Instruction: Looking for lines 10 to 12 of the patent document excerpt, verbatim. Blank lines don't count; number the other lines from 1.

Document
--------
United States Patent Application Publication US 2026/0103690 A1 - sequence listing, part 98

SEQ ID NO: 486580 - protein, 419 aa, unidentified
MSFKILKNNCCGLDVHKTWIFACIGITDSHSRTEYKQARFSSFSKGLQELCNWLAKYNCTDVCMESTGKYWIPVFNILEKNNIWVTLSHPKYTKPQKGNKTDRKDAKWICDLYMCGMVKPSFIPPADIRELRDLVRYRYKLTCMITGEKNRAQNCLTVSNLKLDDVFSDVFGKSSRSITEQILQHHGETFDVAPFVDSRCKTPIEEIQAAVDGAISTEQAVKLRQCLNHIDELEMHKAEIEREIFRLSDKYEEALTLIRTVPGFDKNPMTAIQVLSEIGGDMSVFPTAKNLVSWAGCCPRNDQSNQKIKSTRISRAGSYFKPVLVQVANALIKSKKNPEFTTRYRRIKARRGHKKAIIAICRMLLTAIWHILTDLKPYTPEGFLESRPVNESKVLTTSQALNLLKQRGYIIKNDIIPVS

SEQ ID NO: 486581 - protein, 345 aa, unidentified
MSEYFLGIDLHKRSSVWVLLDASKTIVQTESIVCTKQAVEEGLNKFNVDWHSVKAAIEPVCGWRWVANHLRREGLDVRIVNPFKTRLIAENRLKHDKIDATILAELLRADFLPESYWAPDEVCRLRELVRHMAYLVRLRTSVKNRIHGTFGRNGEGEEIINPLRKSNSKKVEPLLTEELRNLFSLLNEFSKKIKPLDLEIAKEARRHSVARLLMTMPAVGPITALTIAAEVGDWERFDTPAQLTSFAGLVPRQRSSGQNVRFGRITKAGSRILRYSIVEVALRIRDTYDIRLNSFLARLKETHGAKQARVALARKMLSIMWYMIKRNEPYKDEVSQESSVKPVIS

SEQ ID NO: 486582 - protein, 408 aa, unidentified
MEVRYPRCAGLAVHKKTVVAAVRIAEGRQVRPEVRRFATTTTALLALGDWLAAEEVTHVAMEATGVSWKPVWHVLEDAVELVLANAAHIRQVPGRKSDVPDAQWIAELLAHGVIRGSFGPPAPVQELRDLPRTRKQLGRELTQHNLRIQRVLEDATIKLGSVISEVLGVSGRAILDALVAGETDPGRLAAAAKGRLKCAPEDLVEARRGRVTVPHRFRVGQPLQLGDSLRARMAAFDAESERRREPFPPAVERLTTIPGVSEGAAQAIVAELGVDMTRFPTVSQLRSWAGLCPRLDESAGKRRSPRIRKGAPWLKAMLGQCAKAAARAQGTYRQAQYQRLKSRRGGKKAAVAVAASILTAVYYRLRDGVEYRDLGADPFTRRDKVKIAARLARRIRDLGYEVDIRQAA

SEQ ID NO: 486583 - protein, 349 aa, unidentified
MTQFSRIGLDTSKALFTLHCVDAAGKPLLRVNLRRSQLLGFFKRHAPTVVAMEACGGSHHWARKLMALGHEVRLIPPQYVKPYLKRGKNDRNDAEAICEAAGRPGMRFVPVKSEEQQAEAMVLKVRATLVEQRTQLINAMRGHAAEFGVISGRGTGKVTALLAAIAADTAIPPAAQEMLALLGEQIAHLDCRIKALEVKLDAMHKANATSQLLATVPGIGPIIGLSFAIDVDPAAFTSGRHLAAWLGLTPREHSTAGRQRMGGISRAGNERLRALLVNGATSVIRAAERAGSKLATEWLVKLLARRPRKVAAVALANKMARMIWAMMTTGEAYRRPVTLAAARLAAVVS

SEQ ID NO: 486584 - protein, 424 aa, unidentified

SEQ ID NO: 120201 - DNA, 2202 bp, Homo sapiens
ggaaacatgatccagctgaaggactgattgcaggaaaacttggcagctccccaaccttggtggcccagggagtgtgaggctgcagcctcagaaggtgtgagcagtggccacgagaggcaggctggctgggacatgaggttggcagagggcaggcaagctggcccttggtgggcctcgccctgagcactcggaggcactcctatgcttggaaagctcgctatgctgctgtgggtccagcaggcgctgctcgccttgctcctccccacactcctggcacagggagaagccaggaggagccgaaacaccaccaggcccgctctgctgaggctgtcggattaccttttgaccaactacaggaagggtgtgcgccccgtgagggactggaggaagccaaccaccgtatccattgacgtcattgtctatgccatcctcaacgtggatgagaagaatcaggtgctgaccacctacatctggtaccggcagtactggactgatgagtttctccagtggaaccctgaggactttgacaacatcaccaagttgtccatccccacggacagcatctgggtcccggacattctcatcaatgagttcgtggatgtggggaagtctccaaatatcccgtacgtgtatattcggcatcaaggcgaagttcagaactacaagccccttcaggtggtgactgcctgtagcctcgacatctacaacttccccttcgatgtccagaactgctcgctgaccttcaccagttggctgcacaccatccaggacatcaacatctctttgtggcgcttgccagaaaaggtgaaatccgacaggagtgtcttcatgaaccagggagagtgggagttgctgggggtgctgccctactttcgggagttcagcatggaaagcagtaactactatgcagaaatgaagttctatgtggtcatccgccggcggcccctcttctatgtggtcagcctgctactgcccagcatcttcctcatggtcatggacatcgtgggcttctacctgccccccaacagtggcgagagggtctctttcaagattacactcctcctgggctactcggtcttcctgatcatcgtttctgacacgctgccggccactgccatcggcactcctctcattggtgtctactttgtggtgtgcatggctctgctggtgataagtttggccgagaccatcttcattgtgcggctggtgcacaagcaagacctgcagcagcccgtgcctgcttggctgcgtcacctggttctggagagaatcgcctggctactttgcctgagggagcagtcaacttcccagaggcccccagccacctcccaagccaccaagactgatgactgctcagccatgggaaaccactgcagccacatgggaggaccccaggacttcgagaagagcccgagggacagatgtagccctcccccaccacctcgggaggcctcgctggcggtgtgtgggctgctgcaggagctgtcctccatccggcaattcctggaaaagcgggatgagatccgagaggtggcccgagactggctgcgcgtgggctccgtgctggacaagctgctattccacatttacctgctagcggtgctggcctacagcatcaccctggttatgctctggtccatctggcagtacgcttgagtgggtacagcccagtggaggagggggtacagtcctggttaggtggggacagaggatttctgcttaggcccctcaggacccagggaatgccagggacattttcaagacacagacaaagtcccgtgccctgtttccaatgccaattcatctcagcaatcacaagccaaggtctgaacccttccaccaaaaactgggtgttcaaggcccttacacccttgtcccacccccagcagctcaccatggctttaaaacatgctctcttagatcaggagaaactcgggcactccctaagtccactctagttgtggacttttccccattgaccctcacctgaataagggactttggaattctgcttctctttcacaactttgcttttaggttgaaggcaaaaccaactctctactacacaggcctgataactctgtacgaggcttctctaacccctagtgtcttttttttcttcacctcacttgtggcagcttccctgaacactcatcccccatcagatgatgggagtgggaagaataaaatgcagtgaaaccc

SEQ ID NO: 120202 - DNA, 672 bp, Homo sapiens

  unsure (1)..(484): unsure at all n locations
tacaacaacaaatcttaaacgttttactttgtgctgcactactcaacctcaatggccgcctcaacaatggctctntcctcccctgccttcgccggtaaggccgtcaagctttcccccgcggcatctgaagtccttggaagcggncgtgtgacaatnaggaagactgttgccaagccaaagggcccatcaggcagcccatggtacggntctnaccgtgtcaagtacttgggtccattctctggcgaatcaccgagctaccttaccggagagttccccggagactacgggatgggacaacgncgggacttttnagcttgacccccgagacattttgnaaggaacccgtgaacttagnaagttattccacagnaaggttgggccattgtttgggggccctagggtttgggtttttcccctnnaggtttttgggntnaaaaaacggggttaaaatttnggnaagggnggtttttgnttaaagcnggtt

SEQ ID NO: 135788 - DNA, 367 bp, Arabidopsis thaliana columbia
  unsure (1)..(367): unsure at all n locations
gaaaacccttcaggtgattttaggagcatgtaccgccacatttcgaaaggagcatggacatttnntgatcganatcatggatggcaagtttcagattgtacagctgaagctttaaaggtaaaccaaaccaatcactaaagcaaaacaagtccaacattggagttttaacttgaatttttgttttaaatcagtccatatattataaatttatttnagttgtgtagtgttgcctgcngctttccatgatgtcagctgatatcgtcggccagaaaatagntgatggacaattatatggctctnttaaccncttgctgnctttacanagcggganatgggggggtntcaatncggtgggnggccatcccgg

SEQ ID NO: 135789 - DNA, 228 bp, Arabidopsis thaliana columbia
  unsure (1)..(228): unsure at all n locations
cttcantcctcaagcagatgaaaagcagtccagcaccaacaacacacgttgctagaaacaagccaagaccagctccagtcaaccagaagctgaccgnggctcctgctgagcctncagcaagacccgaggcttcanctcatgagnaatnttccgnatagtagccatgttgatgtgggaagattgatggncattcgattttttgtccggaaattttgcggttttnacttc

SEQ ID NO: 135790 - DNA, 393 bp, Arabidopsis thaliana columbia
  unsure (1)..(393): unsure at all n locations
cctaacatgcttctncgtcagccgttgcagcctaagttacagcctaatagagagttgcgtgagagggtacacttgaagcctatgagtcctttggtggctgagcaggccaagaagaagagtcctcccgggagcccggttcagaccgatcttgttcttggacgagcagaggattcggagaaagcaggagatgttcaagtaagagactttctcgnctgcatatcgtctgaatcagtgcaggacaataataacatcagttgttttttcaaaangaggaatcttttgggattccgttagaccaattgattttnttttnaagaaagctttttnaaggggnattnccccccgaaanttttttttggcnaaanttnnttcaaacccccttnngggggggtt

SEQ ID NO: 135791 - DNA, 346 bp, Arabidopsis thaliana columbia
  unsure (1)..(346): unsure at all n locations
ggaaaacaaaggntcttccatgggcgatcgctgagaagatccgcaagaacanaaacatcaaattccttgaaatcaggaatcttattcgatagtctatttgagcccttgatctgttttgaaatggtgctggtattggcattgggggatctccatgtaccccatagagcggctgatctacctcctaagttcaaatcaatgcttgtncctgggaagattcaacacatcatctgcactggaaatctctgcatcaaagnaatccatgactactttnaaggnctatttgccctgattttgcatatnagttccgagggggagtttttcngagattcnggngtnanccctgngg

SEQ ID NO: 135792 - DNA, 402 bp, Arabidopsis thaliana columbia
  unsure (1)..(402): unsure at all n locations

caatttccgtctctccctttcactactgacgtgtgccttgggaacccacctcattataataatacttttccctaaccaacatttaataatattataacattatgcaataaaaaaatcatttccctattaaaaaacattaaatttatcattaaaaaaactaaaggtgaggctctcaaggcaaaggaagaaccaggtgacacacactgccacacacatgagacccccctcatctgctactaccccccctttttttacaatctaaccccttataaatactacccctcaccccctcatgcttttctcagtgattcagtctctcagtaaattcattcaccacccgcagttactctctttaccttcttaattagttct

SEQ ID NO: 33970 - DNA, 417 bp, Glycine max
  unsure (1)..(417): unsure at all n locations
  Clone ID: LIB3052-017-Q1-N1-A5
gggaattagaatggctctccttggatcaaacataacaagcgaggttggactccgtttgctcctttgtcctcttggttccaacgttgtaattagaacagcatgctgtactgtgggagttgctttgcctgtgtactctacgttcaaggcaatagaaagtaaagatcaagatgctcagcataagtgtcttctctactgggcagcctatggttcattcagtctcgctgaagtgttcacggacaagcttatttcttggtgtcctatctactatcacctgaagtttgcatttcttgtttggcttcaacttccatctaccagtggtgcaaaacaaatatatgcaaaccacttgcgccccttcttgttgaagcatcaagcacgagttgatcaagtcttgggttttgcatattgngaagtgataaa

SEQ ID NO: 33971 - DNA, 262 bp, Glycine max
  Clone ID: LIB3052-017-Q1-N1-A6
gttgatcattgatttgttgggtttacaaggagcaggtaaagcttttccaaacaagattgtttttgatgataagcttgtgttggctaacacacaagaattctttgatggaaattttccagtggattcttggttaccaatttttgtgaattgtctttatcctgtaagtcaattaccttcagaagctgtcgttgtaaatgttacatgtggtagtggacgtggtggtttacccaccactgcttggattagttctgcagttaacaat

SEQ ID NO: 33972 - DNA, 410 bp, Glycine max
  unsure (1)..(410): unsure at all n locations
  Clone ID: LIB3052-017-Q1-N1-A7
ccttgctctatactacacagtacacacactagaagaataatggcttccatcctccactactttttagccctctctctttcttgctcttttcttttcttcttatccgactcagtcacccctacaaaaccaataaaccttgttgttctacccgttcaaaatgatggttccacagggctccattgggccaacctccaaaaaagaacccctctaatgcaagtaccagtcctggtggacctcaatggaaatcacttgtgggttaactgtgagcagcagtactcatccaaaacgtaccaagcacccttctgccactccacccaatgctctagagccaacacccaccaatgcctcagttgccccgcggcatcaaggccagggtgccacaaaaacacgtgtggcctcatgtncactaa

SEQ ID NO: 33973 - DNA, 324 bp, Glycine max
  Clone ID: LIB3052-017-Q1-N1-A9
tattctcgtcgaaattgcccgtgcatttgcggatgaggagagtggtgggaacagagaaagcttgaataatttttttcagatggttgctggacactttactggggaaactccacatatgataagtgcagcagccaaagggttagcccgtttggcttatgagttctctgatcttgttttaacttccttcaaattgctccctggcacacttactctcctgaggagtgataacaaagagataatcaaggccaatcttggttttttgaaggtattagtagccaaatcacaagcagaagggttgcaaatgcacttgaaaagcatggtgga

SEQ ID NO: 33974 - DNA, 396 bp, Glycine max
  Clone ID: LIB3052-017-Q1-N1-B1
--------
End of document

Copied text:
SEQ ID NO: 486584 - protein, 424 aa, unidentified

SEQ ID NO: 120201 - DNA, 2202 bp, Homo sapiens
ggaaacatgatccagctgaaggactgattgcaggaaaacttggcagctccccaaccttggtggcccagggagtgtgaggctgcagcctcagaaggtgtgagcagtggccacgagaggcaggctggctgggacatgaggttggcagagggcaggcaagctggcccttggtgggcctcgccctgagcactcggaggcactcctatgcttggaaagctcgctatgctgctgtgggtccagcaggcgctgctcgccttgctcctccccacactcctggcacagggagaagccaggaggagccgaaacaccaccaggcccgctctgctgaggctgtcggattaccttttgaccaactacaggaagggtgtgcgccccgtgagggactggaggaagccaaccaccgtatccattgacgtcattgtctatgccatcctcaacgtggatgagaagaatcaggtgctgaccacctacatctggtaccggcagtactggactgatgagtttctccagtggaaccctgaggactttgacaacatcaccaagttgtccatccccacggacagcatctgggtcccggacattctcatcaatgagttcgtggatgtggggaagtctccaaatatcccgtacgtgtatattcggcatcaaggcgaagttcagaactacaagccccttcaggtggtgactgcctgtagcctcgacatctacaacttccccttcgatgtccagaactgctcgctgaccttcaccagttggctgcacaccatccaggacatcaacatctctttgtggcgcttgccagaaaaggtgaaatccgacaggagtgtcttcatgaaccagggagagtgggagttgctgggggtgctgccctactttcgggagttcagcatggaaagcagtaactactatgcagaaatgaagttctatgtggtcatccgccggcggcccctcttctatgtggtcagcctgctactgcccagcatcttcctcatggtcatggacatcgtgggcttctacctgccccccaacagtggcgagagggtctctttcaagattacactcctcctgggctactcggtcttcctgatcatcgtttctgacacgctgccggccactgccatcggcactcctctcattggtgtctactttgtggtgtgcatggctctgctggtgataagtttggccgagaccatcttcattgtgcggctggtgcacaagcaagacctgcagcagcccgtgcctgcttggctgcgtcacctggttctggagagaatcgcctggctactttgcctgagggagcagtcaacttcccagaggcccccagccacctcccaagccaccaagactgatgactgctcagccatgggaaaccactgcagccacatgggaggaccccaggacttcgagaagagcccgagggacagatgtagccctcccccaccacctcgggaggcctcgctggcggtgtgtgggctgctgcaggagctgtcctccatccggcaattcctggaaaagcgggatgagatccgagaggtggcccgagactggctgcgcgtgggctccgtgctggacaagctgctattccacatttacctgctagcggtgctggcctacagcatcaccctggttatgctctggtccatctggcagtacgcttgagtgggtacagcccagtggaggagggggtacagtcctggttaggtggggacagaggatttctgcttaggcccctcaggacccagggaatgccagggacattttcaagacacagacaaagtcccgtgccctgtttccaatgccaattcatctcagcaatcacaagccaaggtctgaacccttccaccaaaaactgggtgttcaaggcccttacacccttgtcccacccccagcagctcaccatggctttaaaacatgctctcttagatcaggagaaactcgggcactccctaagtccactctagttgtggacttttccccattgaccctcacctgaataagggactttggaattctgcttctctttcacaactttgcttttaggttgaaggcaaaaccaactctctactacacaggcctgataactctgtacgaggcttctctaacccctagtgtcttttttttcttcacctcacttgtggcagcttccctgaacactcatcccccatcagatgatgggagtgggaagaataaaatgcagtgaaaccc